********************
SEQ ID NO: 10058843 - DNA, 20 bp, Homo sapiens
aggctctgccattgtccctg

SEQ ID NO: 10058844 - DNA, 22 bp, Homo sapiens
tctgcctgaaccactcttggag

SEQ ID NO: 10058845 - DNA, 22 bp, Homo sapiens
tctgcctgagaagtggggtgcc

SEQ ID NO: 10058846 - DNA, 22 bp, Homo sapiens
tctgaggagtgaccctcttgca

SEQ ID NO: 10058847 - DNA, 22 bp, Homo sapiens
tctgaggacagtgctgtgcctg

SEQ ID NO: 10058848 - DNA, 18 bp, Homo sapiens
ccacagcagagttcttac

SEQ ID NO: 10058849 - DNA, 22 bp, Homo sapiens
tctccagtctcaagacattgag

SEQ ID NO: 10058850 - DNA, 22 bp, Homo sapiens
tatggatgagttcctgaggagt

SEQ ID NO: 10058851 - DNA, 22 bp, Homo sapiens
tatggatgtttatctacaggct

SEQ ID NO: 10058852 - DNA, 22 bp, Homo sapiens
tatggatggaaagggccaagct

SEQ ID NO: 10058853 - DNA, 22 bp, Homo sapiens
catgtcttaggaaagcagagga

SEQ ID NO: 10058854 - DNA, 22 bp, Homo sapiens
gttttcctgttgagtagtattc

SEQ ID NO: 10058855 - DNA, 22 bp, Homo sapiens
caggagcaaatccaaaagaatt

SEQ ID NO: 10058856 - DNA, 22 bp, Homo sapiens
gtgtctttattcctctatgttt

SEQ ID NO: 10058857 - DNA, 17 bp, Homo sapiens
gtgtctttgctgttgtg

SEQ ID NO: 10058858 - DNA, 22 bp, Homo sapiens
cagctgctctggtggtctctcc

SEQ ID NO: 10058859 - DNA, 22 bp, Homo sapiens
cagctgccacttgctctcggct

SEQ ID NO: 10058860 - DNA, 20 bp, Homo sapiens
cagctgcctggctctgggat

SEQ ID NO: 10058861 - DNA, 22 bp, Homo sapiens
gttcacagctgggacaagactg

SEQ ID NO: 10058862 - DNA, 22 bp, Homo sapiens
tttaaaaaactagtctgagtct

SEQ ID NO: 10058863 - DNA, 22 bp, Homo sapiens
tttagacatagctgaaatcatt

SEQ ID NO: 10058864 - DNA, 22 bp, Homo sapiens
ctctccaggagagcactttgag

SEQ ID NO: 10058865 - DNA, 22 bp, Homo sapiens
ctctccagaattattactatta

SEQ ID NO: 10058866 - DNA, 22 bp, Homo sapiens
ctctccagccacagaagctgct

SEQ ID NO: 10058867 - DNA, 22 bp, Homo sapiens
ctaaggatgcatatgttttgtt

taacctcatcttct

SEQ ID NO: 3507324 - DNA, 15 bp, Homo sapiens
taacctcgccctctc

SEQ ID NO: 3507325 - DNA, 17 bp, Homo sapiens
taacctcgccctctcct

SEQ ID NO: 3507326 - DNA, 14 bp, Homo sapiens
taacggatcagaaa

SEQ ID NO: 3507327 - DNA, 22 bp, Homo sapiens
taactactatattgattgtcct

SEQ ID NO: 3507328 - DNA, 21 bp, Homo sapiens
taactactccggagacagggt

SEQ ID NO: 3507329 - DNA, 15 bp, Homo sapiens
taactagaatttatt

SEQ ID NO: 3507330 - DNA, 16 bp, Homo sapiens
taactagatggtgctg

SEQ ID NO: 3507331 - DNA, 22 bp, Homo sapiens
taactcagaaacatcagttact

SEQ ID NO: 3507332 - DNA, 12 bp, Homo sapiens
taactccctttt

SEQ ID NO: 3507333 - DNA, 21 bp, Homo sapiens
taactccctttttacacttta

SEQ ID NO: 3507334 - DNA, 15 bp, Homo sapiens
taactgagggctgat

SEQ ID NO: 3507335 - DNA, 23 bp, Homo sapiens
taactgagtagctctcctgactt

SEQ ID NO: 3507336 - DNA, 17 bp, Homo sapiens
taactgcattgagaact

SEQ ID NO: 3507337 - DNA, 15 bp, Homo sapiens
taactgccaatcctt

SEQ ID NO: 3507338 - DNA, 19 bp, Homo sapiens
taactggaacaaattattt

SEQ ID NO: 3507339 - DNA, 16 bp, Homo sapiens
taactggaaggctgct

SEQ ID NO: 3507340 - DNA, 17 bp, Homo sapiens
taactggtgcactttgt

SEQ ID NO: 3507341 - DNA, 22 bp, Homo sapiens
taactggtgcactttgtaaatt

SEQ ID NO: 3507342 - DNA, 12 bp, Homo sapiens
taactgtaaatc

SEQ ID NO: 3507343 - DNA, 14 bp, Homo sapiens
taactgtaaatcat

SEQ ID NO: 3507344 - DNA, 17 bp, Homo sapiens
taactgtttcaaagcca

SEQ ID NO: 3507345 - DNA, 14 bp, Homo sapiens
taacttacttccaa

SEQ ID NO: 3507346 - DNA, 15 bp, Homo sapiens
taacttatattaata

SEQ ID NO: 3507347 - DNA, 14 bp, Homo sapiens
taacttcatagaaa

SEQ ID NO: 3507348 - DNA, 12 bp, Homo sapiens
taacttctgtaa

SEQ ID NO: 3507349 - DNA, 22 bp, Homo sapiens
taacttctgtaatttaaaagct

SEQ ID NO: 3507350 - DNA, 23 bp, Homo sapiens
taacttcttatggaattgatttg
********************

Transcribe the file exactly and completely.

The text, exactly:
SEQ ID NO: 10058843 - DNA, 20 bp, Homo sapiens
aggctctgccattgtccctg

SEQ ID NO: 10058844 - DNA, 22 bp, Homo sapiens
tctgcctgaaccactcttggag

SEQ ID NO: 10058845 - DNA, 22 bp, Homo sapiens
tctgcctgagaagtggggtgcc

SEQ ID NO: 10058846 - DNA, 22 bp, Homo sapiens
tctgaggagtgaccctcttgca

SEQ ID NO: 10058847 - DNA, 22 bp, Homo sapiens
tctgaggacagtgctgtgcctg

SEQ ID NO: 10058848 - DNA, 18 bp, Homo sapiens
ccacagcagagttcttac

SEQ ID NO: 10058849 - DNA, 22 bp, Homo sapiens
tctccagtctcaagacattgag

SEQ ID NO: 10058850 - DNA, 22 bp, Homo sapiens
tatggatgagttcctgaggagt

SEQ ID NO: 10058851 - DNA, 22 bp, Homo sapiens
tatggatgtttatctacaggct

SEQ ID NO: 10058852 - DNA, 22 bp, Homo sapiens
tatggatggaaagggccaagct

SEQ ID NO: 10058853 - DNA, 22 bp, Homo sapiens
catgtcttaggaaagcagagga

SEQ ID NO: 10058854 - DNA, 22 bp, Homo sapiens
gttttcctgttgagtagtattc

SEQ ID NO: 10058855 - DNA, 22 bp, Homo sapiens
caggagcaaatccaaaagaatt

SEQ ID NO: 10058856 - DNA, 22 bp, Homo sapiens
gtgtctttattcctctatgttt

SEQ ID NO: 10058857 - DNA, 17 bp, Homo sapiens
gtgtctttgctgttgtg

SEQ ID NO: 10058858 - DNA, 22 bp, Homo sapiens
cagctgctctggtggtctctcc

SEQ ID NO: 10058859 - DNA, 22 bp, Homo sapiens
cagctgccacttgctctcggct

SEQ ID NO: 10058860 - DNA, 20 bp, Homo sapiens
cagctgcctggctctgggat

SEQ ID NO: 10058861 - DNA, 22 bp, Homo sapiens
gttcacagctgggacaagactg

SEQ ID NO: 10058862 - DNA, 22 bp, Homo sapiens
tttaaaaaactagtctgagtct

SEQ ID NO: 10058863 - DNA, 22 bp, Homo sapiens
tttagacatagctgaaatcatt

SEQ ID NO: 10058864 - DNA, 22 bp, Homo sapiens
ctctccaggagagcactttgag

SEQ ID NO: 10058865 - DNA, 22 bp, Homo sapiens
ctctccagaattattactatta

SEQ ID NO: 10058866 - DNA, 22 bp, Homo sapiens
ctctccagccacagaagctgct

SEQ ID NO: 10058867 - DNA, 22 bp, Homo sapiens
ctaaggatgcatatgttttgtt

taacctcatcttct

SEQ ID NO: 3507324 - DNA, 15 bp, Homo sapiens
taacctcgccctctc

SEQ ID NO: 3507325 - DNA, 17 bp, Homo sapiens
taacctcgccctctcct

SEQ ID NO: 3507326 - DNA, 14 bp, Homo sapiens
taacggatcagaaa

SEQ ID NO: 3507327 - DNA, 22 bp, Homo sapiens
taactactatattgattgtcct

SEQ ID NO: 3507328 - DNA, 21 bp, Homo sapiens
taactactccggagacagggt

SEQ ID NO: 3507329 - DNA, 15 bp, Homo sapiens
taactagaatttatt

SEQ ID NO: 3507330 - DNA, 16 bp, Homo sapiens
taactagatggtgctg

SEQ ID NO: 3507331 - DNA, 22 bp, Homo sapiens
taactcagaaacatcagttact

SEQ ID NO: 3507332 - DNA, 12 bp, Homo sapiens
taactccctttt

SEQ ID NO: 3507333 - DNA, 21 bp, Homo sapiens
taactccctttttacacttta

SEQ ID NO: 3507334 - DNA, 15 bp, Homo sapiens
taactgagggctgat

SEQ ID NO: 3507335 - DNA, 23 bp, Homo sapiens
taactgagtagctctcctgactt

SEQ ID NO: 3507336 - DNA, 17 bp, Homo sapiens
taactgcattgagaact

SEQ ID NO: 3507337 - DNA, 15 bp, Homo sapiens
taactgccaatcctt

SEQ ID NO: 3507338 - DNA, 19 bp, Homo sapiens
taactggaacaaattattt

SEQ ID NO: 3507339 - DNA, 16 bp, Homo sapiens
taactggaaggctgct

SEQ ID NO: 3507340 - DNA, 17 bp, Homo sapiens
taactggtgcactttgt

SEQ ID NO: 3507341 - DNA, 22 bp, Homo sapiens
taactggtgcactttgtaaatt

SEQ ID NO: 3507342 - DNA, 12 bp, Homo sapiens
taactgtaaatc

SEQ ID NO: 3507343 - DNA, 14 bp, Homo sapiens
taactgtaaatcat

SEQ ID NO: 3507344 - DNA, 17 bp, Homo sapiens
taactgtttcaaagcca

SEQ ID NO: 3507345 - DNA, 14 bp, Homo sapiens
taacttacttccaa

SEQ ID NO: 3507346 - DNA, 15 bp, Homo sapiens
taacttatattaata

SEQ ID NO: 3507347 - DNA, 14 bp, Homo sapiens
taacttcatagaaa

SEQ ID NO: 3507348 - DNA, 12 bp, Homo sapiens
taacttctgtaa

SEQ ID NO: 3507349 - DNA, 22 bp, Homo sapiens
taacttctgtaatttaaaagct

SEQ ID NO: 3507350 - DNA, 23 bp, Homo sapiens
taacttcttatggaattgatttg